Patty Mills wants to inspire all Australians as her country’s first Indigenous Olympic flag bearer in Tokyo
The modern Olympics began in 1896, modeled on the ancient Olympics of 776 BC.
It is a story that spans 3000 years.
This may sound impressive to some, but it is nothing compared to the importance of Australia being led to the opening ceremony in Tokyo by a member of the oldest living culture on the planet, a man who walks with 60,000 years of genetic memory running through his veins.
Patty Mills. Kokatha, Naghiralgal and Dauareb-Meriam male. Aboriginal and Torres Strait Islander. Defender of social justice. Professional basketball player. NBA champion and quadruple Olympian.
Alongside Cate Campbell, the first swimmer to be selected for the role, Mills will carry the Australian flag in front of the team that will march in the Parade of Nations in Tokyo.
Australian Olympic team chef de mission Ian Chesterman selected the flag bearers.
Chesterman phoned Mills and said he would be honored if, as head of the Australian Olympic team, he accepted the role.
There was no hesitation from Mills.
“It was an easy decision. I’m very proud of who I am. I’m very comfortable in my skin,” said Mills.
“I am thrilled and excited for the opportunity to be able to tell people who I am and where I am from.
“At the end of the day, I imagine little girls and boys, whether they are at home or at school… I can imagine them and what they might feel or how they will react when they see someone. ‘one like me to be a representative of them.
“That’s what it is, isn’t it? Making the next generation come forward and be true to themselves, proud of who they are, proud of who they are, and wearing this on your chest… it can help them make their dreams come true. “
“This stuff feeds my fire”
Some of the words most commonly associated with being an Olympic flag bearer include honor, responsibility, inspiration, and an enduring symbol.
Mills said the significance would take a lifetime to process.
“I say this because I really think that for you and I to really understand what these words mean in this role, it will take a long time,” he said.
“I think it’s more about what it means for everyone?” What does this mean for the rest of Australia? What does this mean for expats living in the world?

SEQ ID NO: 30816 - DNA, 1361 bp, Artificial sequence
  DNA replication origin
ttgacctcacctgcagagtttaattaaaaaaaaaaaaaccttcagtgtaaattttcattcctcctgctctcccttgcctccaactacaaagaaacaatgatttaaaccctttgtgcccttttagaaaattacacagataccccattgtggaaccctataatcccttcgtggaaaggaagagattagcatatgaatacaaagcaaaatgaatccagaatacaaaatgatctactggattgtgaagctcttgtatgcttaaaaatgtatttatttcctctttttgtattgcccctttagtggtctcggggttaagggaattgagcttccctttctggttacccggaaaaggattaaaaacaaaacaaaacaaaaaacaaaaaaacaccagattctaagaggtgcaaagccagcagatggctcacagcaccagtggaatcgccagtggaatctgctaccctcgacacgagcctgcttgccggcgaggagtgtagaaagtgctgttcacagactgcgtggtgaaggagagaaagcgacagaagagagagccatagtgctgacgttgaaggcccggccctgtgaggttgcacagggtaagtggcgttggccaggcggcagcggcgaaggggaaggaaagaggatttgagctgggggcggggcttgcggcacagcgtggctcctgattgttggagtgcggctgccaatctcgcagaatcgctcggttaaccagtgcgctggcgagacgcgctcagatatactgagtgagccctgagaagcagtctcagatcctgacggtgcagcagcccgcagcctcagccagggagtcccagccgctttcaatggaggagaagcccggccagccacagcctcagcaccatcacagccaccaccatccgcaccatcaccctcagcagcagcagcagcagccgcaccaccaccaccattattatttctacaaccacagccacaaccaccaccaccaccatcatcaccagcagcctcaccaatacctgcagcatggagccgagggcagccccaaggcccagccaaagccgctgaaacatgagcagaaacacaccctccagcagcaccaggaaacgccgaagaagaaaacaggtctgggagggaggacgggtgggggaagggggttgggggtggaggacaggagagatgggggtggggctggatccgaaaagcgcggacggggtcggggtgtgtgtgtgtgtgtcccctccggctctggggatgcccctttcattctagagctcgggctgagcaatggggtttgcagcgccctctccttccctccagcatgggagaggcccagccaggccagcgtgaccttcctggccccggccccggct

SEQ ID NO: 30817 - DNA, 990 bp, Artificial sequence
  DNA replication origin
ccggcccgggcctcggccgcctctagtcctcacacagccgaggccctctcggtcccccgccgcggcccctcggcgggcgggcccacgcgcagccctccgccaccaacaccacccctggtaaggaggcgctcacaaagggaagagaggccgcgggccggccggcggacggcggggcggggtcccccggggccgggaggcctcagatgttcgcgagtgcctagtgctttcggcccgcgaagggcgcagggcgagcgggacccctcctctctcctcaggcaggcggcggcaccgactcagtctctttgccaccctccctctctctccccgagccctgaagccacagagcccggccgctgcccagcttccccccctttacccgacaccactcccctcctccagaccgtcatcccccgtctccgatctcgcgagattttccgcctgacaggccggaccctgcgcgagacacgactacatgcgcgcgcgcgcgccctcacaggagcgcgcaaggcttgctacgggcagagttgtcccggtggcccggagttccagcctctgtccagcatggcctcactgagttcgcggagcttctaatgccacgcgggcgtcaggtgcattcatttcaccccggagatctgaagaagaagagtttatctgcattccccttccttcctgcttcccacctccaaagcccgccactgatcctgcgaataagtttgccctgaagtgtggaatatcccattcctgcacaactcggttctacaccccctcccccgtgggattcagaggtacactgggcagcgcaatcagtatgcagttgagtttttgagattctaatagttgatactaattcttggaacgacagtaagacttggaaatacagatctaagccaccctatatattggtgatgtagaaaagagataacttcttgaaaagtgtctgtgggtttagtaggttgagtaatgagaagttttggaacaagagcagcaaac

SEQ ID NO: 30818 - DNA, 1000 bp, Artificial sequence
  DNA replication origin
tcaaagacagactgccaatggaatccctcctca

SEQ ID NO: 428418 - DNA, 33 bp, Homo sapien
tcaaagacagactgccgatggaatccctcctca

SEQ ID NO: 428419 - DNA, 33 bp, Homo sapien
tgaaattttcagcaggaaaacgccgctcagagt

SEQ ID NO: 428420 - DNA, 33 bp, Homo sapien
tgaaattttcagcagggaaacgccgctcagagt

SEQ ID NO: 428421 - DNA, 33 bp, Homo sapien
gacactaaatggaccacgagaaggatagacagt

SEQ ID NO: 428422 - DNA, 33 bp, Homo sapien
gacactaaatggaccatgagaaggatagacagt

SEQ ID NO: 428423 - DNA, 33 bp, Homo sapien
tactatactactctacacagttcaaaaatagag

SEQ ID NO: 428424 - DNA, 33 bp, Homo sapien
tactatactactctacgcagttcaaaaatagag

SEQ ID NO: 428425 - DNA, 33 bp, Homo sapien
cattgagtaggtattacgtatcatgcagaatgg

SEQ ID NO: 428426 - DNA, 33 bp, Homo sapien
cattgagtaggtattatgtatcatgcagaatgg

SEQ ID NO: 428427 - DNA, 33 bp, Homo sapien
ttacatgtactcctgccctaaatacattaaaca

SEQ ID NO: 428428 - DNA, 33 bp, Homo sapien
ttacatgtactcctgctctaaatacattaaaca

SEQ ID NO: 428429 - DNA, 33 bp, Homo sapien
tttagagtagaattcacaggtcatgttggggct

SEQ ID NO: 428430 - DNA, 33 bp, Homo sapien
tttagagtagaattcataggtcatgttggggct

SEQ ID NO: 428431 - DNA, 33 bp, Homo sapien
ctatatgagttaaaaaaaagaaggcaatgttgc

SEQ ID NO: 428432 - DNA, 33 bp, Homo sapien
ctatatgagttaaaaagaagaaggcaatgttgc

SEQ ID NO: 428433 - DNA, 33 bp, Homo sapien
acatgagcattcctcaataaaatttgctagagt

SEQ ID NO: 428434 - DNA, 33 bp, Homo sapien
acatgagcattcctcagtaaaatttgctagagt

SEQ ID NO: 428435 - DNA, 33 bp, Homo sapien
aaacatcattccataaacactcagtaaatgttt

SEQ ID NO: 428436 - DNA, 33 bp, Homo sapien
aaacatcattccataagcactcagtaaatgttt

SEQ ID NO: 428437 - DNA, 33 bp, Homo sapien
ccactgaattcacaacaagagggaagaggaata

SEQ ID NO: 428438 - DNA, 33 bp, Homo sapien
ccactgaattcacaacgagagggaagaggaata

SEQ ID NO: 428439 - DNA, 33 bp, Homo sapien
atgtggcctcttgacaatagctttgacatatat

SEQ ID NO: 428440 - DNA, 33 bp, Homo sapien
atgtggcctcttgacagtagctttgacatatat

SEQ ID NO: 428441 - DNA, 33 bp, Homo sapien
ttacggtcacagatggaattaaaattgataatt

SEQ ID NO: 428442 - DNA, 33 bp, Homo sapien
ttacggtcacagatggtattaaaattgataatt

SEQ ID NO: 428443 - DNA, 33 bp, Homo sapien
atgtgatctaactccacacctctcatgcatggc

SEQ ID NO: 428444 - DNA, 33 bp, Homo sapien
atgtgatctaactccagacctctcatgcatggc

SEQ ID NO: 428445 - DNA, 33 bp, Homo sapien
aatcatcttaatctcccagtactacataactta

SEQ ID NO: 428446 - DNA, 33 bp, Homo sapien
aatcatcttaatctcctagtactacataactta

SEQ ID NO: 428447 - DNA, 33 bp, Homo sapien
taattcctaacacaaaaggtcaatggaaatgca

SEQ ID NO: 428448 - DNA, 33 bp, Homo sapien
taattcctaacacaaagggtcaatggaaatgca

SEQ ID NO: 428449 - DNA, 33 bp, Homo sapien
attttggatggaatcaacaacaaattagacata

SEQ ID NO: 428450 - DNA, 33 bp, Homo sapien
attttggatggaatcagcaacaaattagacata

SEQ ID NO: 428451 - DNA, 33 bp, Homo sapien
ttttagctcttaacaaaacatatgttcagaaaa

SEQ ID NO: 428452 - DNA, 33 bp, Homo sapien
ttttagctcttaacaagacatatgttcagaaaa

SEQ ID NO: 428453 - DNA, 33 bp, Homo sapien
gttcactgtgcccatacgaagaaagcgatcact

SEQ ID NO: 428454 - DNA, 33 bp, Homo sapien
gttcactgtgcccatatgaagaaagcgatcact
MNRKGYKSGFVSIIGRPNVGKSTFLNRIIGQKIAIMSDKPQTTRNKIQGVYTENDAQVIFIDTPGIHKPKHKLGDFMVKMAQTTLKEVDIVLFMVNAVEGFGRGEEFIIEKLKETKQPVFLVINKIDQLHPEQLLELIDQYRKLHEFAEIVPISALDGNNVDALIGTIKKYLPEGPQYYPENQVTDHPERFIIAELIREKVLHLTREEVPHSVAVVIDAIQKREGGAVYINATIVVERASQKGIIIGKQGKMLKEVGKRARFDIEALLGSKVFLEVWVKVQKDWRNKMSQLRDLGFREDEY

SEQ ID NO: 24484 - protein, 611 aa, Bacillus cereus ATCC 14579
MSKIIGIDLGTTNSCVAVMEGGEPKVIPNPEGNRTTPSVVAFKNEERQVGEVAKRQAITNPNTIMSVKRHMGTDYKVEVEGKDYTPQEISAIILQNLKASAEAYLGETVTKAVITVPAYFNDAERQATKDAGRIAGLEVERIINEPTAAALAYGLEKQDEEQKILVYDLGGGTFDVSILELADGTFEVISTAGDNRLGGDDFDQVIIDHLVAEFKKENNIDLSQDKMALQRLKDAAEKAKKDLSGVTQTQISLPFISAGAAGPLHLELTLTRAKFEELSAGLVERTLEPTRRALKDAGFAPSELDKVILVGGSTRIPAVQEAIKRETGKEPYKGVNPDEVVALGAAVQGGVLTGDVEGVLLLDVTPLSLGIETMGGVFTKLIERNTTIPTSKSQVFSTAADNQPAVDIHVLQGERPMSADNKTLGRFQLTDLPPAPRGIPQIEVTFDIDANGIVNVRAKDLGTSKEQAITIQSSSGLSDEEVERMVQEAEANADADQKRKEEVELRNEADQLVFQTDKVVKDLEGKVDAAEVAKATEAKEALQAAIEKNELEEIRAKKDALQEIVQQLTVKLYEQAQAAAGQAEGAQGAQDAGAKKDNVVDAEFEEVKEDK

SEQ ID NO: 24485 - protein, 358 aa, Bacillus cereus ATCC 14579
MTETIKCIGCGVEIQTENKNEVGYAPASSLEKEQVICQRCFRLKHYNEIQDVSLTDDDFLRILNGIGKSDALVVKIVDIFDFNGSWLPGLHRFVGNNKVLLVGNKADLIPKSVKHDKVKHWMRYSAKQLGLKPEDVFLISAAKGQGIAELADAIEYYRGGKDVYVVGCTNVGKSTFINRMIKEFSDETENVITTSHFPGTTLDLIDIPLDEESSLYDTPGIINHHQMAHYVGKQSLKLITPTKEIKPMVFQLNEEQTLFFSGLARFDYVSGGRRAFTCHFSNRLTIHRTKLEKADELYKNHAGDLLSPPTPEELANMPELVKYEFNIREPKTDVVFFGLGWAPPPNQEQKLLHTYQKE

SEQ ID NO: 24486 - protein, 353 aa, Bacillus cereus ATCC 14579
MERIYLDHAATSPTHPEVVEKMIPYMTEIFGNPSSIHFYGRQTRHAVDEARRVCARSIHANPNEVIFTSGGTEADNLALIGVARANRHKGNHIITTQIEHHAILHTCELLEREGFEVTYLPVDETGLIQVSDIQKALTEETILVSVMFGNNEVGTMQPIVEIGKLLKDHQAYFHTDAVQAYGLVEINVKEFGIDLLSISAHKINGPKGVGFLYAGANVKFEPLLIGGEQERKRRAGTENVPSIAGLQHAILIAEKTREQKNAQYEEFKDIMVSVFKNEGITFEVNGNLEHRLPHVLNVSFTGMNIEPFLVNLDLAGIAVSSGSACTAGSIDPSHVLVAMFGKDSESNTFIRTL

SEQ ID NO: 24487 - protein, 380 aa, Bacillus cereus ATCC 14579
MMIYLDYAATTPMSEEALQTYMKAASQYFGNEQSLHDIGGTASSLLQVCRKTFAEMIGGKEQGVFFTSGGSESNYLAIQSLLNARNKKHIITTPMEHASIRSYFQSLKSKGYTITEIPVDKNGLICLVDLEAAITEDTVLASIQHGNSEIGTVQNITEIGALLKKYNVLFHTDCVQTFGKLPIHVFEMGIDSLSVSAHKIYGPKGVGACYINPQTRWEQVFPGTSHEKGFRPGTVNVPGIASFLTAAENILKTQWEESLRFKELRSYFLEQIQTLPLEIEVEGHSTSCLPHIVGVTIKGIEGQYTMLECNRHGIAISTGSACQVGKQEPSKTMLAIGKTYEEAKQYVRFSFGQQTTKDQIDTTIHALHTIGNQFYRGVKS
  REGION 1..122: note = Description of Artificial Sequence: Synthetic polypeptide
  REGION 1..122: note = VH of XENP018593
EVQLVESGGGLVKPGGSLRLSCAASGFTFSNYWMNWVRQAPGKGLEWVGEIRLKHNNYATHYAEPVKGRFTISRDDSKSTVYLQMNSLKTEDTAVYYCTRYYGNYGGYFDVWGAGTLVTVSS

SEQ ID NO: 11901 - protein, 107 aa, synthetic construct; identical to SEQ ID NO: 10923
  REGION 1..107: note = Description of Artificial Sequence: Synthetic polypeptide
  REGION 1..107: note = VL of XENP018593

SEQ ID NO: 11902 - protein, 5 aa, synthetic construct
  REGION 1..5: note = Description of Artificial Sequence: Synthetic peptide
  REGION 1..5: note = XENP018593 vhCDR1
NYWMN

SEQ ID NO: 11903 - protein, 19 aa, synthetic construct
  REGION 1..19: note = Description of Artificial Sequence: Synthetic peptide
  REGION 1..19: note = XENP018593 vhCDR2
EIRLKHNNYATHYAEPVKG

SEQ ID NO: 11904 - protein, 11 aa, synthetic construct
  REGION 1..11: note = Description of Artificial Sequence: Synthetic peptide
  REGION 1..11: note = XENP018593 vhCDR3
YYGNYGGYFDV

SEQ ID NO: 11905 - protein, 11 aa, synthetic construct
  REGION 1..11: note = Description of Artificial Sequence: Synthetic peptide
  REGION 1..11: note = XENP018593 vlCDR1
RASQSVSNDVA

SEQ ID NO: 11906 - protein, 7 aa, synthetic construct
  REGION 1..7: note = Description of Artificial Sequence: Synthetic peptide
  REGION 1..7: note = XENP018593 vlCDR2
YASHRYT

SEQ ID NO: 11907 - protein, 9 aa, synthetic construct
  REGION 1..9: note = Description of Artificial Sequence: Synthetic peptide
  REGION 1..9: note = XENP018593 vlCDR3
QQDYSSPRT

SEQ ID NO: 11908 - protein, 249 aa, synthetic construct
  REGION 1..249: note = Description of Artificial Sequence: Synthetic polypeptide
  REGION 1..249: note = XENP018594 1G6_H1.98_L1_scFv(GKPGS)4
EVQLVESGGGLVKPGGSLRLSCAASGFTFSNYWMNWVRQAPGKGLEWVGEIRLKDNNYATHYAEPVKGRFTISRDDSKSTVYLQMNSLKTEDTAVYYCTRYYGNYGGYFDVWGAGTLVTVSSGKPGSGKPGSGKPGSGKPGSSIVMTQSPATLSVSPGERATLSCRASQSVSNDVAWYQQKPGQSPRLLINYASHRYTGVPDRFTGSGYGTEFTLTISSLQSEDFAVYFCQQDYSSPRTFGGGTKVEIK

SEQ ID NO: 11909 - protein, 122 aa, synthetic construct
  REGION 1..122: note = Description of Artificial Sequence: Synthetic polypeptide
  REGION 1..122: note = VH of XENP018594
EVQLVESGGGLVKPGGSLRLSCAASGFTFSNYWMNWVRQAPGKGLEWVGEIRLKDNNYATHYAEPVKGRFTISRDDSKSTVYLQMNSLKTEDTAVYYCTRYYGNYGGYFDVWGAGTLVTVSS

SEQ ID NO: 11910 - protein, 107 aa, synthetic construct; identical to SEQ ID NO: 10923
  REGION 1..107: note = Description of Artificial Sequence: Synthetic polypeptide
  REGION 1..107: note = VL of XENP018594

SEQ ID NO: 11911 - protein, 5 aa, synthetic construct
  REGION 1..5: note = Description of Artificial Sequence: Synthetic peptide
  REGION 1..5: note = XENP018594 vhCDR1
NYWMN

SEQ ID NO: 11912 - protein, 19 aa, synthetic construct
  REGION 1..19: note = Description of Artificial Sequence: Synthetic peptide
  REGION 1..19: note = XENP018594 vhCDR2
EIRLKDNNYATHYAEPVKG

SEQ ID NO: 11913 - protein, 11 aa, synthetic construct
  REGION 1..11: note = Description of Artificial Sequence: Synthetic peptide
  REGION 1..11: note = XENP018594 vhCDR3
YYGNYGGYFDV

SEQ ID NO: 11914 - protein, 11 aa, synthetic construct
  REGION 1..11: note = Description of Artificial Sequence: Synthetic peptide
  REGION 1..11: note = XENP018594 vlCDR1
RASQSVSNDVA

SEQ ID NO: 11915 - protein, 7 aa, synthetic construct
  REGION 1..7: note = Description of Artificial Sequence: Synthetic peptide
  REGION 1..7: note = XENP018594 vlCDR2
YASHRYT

“What does this mean for the younger generation that is coming, the people who came before us? What does this mean for them?
“I think it’s the feeling that really ignites the fire in me to really use it as a driving force to achieve what I want to accomplish in sport.
“This stuff stirs my fire, it’s the stuff that helps me set myself up – a mindset of hard work, of grinding, to be able to achieve what I want to achieve.”
Hard work is programmed inside Mills. It represents the nations within a nation.
Australia is a country with a complex history. Some still say that it was settled by the British in 1788; others now admit it was stolen.
Of all the Commonwealth of Nations, Australia is the only one that does not have a treaty with its indigenous population.
Mills’ mother and siblings were victims of the Stolen Generations, having been forcibly removed from their families due to government policy that believed they had better be assimilated into white society.
The Australian flag that Mills will be carrying to the Olympic Stadium in Tokyo has the Union Jack in the upper left corner, representing the history of British colonization. It is surrounded by the Federation Star, representing the states and territories of the country, and a constellation of stars known as the Southern Cross.
While there is nothing on this flag that recognizes the country’s original peoples, the true stars of the Southern Cross have at least witnessed every episode in Australian history.
In every interview Mills has conducted, he has the Australian flag as a backdrop. To its left is the Aboriginal Flag and to its right is the Torres Strait Islander Flag.
All three symbolize who Mills is and how he sees himself.